This week's book giveaways are in the Jython/Python and Object-Oriented programming forums.
We're giving away four copies each of Machine Learning for Business: Using Amazon SageMaker and Jupyter and Object Design Style Guide and have the authors on-line!
See this thread and this one for details.
Win a copy of Machine Learning for Business: Using Amazon SageMaker and JupyterE this week in the Jython/Python forum
or Object Design Style Guide in the Object-Oriented programming forum!
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This week book give away

 
mister krabs
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Please give a great big JavaRanch welcome to: Ramnivas Laddad, author of "AspectJ in Action".
This week we are giving away copies of this book to four lucky winners who participate in this forum.
So say hi and start asking your questions!
 
author
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Welcome Ramnivas!
We'll see whether this book promotion gets my aspects going... (I have to admit I haven't put as much effort as I would've liked into learning what it's all about)
 
Greenhorn
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Hi Ramnivas,
I am not as well read in Java and design developments as I should be and the "JavaRanch Book Promotion" was pretty much the first I had heard of AOD and AspectJ. Having been brought up on OOAD, I would appreciate it if you could either list the salient differences/similarities between AspectJ and the "traditional" way of creating objects, or (if you think that is too lazy ), suggest some articles to get me started.
Many Thanks,
Ant
[ September 16, 2003: Message edited by: Ant B ]
 
author and iconoclast
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Hi Ramnivas,
Welcome to the Ranch, from a fellow Manning author!
 
Ranch Hand
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Hi Ramnivas
 
Author
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Thanks Everybody,
I am very delighted to be here and discuss your AOP/AspectJ questions.
About Ant Burge's question:
Crosscutting concerns � requirement, design, or implementation that span multiple modules are abound in practice: logging, tracing, dynamic profiling, service-level agreement, policy enforcement, pooling, caching, concurrency control, security, transaction management, business rules, and so forth. Traditional implementation of these concerns requires you to fuse their implementation with the core concern of a module. For example, a simple Account class may incorporate some code to address all of the above concerns. With aspect-oriented programming, you can implement each of the concern in a separate module called aspect.
Consider logging concern as an example. Traditional implementation may look something like:

With AspectJ, you can keep you core classes oblivious of logging:

That�s it. You can put this aspect into any Java program, compile using AspectJ compiler, and start seeing log output generated (which will be the same as the output generated by traditional implementation).
Now imagine a typical project with 100s, if not 1000s of classes and imagine a typical project with many other crosscutting present in a system. AspectJ can make life vastly simple by separating each individual concerns away from core business logic. Please read sample chapters (http://www.manning.com/laddad).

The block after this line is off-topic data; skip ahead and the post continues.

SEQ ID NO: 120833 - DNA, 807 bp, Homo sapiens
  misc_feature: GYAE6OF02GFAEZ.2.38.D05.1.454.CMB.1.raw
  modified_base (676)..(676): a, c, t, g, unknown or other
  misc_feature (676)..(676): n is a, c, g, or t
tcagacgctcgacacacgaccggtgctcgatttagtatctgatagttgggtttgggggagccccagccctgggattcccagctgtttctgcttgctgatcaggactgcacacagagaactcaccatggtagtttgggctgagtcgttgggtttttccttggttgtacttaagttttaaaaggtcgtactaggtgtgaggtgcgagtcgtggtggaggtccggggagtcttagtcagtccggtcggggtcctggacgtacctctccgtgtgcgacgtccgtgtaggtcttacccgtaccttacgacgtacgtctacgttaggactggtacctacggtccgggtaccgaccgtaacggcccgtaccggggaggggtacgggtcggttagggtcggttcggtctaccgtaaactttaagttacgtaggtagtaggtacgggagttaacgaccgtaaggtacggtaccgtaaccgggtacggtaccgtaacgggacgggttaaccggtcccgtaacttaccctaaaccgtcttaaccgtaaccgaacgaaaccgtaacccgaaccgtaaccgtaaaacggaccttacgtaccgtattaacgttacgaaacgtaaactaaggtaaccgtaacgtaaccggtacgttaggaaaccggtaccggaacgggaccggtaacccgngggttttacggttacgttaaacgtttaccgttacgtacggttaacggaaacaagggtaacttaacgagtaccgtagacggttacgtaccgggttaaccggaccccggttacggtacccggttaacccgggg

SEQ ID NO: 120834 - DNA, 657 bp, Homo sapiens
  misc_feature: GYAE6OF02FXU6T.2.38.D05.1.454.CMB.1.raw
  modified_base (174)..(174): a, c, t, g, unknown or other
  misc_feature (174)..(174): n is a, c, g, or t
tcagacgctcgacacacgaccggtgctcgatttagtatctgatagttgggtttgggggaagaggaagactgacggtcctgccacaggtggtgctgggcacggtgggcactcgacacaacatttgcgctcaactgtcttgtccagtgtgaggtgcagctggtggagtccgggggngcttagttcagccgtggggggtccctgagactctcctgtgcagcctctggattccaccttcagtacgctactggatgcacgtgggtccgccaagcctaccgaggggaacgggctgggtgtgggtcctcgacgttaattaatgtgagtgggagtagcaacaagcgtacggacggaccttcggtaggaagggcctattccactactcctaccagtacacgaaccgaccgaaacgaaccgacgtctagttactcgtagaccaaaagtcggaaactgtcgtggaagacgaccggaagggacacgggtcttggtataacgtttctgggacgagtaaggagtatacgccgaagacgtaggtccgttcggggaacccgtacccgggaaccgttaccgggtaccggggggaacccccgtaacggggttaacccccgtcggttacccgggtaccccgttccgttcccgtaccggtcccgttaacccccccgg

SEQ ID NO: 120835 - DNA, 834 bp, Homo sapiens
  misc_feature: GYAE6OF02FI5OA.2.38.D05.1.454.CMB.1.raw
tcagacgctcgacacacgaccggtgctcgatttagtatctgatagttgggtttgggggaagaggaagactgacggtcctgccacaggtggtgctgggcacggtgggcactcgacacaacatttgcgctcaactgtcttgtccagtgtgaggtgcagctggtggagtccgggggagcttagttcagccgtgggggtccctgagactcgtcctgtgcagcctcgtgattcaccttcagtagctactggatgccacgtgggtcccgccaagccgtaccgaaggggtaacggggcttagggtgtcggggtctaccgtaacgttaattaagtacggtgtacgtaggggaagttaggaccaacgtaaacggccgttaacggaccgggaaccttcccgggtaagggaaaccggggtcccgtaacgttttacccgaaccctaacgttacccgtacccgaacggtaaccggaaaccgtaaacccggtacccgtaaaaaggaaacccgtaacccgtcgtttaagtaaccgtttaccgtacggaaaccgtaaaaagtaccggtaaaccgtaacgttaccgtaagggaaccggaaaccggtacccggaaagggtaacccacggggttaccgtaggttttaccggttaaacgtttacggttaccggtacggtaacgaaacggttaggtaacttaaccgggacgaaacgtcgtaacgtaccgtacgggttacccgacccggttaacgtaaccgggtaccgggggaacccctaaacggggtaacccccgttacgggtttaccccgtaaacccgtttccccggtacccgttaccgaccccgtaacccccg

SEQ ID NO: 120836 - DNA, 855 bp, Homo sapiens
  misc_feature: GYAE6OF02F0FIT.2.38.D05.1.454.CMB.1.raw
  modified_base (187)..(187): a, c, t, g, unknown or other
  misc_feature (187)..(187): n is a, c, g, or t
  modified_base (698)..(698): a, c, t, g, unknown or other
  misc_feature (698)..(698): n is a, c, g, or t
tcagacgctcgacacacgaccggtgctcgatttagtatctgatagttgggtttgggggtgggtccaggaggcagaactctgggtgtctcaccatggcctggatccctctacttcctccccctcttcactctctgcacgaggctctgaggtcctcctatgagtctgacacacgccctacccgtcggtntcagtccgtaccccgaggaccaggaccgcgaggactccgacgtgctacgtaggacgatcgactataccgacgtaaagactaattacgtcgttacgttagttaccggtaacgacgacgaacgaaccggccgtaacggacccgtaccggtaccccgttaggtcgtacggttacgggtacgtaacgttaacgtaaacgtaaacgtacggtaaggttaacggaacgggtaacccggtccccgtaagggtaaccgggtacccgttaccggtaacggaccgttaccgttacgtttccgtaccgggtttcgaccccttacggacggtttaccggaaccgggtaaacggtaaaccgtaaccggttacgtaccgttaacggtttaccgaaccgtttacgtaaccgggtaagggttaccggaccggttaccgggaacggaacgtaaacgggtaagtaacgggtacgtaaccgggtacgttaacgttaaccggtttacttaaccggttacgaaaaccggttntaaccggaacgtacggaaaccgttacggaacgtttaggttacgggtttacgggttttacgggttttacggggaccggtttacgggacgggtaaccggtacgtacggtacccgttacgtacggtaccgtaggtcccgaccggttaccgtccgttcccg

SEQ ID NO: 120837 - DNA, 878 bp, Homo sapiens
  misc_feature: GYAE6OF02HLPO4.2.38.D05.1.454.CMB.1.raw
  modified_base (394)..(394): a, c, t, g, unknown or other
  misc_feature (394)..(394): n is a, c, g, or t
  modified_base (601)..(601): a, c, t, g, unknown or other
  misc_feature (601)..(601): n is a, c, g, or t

-Ramnivas
 
Greenhorn
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Hi Ramnivas,
I�m finished reading your book and its just great(advice for Javaranchers: buy it!). But a friend of mine asked me something that I really couldn�t answer. The question is about the fine-grained granularity about logging. For example, supose I have the following class:
public class {
public someMethod(String foo) {
String myVar = "java";
// do some stuff

//At this point I would like to know the value of myVar.
// How can I do this (with aspectj)?

// do some more stuff

}
}
The question is how aspectj can show the value of some private variables for some method, just for logging (to know if its value, in the middle of a computation, is right)?
Thank you,
Julio Cesar
 
Lasse Koskela
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I doubt that you can define pointcuts in the middle of a method. Could someone confirm this?
 
Ramnivas Laddad
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Julio Cesar,
Thanks for buying and reading my book.
Lasse is right. You cannot define a poincut to capture join points that modify a local variable. The reason for such constraint is (while perhaps useful for very fine grained logging) it can lead to unstable crosscutting. You can, however, access assignment or read-access to a instance and class data member inside a method as well as calls to other methods.
-Ramnivas
 
Ant Burge
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Ramnivas,
thanks very much for the in depth answer: I was just expecting a link and a "go and work it out for yourself" type comment!
I can see now why you would want to use this over standard OOP. Time to get learning!
Thanks again,
Ant
 
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